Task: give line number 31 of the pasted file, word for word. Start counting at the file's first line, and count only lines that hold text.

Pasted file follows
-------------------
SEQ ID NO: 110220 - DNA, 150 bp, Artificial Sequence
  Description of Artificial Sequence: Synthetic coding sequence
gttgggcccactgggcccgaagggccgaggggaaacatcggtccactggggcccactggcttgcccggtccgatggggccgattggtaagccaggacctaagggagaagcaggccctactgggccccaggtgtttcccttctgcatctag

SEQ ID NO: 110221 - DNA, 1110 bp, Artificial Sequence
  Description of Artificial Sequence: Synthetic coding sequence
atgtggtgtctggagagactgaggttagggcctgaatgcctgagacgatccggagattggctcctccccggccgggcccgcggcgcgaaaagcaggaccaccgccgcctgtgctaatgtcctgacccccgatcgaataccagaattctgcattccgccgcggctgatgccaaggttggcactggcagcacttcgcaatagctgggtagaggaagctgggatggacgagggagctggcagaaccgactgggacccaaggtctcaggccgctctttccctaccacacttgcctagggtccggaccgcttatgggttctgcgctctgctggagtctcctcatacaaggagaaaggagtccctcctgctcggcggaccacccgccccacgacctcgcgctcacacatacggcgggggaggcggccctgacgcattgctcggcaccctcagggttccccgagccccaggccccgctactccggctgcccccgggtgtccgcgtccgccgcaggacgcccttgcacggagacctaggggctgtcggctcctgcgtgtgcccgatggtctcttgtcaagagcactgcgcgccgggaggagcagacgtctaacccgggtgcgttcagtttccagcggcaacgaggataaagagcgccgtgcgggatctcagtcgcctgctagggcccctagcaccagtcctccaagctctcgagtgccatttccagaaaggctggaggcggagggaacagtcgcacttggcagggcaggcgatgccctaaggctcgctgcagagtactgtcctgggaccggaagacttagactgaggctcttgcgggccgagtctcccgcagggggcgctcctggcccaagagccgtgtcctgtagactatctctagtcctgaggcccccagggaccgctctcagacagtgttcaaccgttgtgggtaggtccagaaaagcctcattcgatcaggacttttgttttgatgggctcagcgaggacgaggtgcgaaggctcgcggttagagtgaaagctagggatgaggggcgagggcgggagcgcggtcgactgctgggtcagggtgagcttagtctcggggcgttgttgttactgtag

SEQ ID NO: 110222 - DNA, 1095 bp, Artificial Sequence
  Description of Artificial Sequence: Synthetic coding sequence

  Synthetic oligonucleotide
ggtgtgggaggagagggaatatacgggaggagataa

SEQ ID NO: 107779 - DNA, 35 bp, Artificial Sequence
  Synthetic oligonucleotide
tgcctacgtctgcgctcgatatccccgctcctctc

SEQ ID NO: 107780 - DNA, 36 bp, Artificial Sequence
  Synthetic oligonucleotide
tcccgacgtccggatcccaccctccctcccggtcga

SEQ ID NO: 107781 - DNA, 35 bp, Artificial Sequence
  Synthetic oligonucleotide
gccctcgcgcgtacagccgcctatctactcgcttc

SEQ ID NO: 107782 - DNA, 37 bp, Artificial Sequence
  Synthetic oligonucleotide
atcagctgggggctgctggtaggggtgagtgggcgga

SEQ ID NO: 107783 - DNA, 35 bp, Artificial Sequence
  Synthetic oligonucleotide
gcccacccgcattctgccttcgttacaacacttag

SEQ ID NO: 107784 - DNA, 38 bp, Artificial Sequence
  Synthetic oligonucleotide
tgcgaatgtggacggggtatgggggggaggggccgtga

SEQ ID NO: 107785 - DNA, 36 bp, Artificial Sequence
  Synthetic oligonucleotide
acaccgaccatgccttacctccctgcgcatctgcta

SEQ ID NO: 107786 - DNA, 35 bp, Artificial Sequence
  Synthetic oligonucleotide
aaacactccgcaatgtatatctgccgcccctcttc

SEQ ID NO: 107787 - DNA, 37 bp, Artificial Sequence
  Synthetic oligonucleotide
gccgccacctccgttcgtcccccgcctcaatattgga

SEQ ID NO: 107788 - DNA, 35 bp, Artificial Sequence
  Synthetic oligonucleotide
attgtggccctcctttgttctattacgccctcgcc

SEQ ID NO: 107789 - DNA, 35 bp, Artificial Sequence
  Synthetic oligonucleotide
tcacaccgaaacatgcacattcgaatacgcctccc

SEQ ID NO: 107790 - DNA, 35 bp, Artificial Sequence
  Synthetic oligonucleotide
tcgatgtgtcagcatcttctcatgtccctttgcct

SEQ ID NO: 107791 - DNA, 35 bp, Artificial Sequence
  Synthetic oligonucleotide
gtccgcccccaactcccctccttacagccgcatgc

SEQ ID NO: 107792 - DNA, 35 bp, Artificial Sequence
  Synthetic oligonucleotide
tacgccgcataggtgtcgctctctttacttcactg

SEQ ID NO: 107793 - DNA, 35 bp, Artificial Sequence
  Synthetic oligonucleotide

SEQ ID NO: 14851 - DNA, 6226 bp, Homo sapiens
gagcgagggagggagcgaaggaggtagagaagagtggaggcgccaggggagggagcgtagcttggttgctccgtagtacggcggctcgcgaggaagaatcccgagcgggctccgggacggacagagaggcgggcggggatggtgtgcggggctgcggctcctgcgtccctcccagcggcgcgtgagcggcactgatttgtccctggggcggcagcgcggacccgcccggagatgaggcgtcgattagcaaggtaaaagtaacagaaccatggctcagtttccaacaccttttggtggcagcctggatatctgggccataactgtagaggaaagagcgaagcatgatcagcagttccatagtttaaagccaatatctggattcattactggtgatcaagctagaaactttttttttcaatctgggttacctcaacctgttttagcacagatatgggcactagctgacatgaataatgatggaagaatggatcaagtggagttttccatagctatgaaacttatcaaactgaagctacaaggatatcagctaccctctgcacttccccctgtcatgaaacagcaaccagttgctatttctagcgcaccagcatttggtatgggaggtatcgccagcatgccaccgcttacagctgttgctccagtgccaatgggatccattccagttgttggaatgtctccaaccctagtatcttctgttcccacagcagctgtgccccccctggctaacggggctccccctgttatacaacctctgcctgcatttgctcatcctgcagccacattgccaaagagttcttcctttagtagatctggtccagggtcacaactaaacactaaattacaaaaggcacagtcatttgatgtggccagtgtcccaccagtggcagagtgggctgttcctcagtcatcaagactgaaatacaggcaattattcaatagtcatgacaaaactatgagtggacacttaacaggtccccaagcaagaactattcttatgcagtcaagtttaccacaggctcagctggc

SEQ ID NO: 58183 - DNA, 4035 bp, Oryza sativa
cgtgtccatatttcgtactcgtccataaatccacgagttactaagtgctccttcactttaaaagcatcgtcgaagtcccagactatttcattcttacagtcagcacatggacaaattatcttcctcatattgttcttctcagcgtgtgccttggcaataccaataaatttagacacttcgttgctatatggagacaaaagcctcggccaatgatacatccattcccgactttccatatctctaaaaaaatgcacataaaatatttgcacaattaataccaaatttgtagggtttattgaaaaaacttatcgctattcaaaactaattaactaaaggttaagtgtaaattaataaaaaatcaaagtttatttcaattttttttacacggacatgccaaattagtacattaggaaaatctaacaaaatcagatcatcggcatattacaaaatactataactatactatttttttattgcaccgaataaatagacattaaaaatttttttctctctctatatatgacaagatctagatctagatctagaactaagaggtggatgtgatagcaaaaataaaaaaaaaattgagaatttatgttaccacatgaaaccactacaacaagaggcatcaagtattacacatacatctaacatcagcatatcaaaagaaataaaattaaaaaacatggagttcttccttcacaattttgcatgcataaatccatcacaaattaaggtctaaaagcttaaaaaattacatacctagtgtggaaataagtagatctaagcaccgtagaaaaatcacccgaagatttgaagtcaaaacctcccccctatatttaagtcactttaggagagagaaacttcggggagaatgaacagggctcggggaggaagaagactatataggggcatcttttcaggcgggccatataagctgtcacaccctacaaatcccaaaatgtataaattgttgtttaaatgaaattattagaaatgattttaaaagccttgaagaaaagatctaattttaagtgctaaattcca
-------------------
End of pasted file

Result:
acaccgaccatgccttacctccctgcgcatctgcta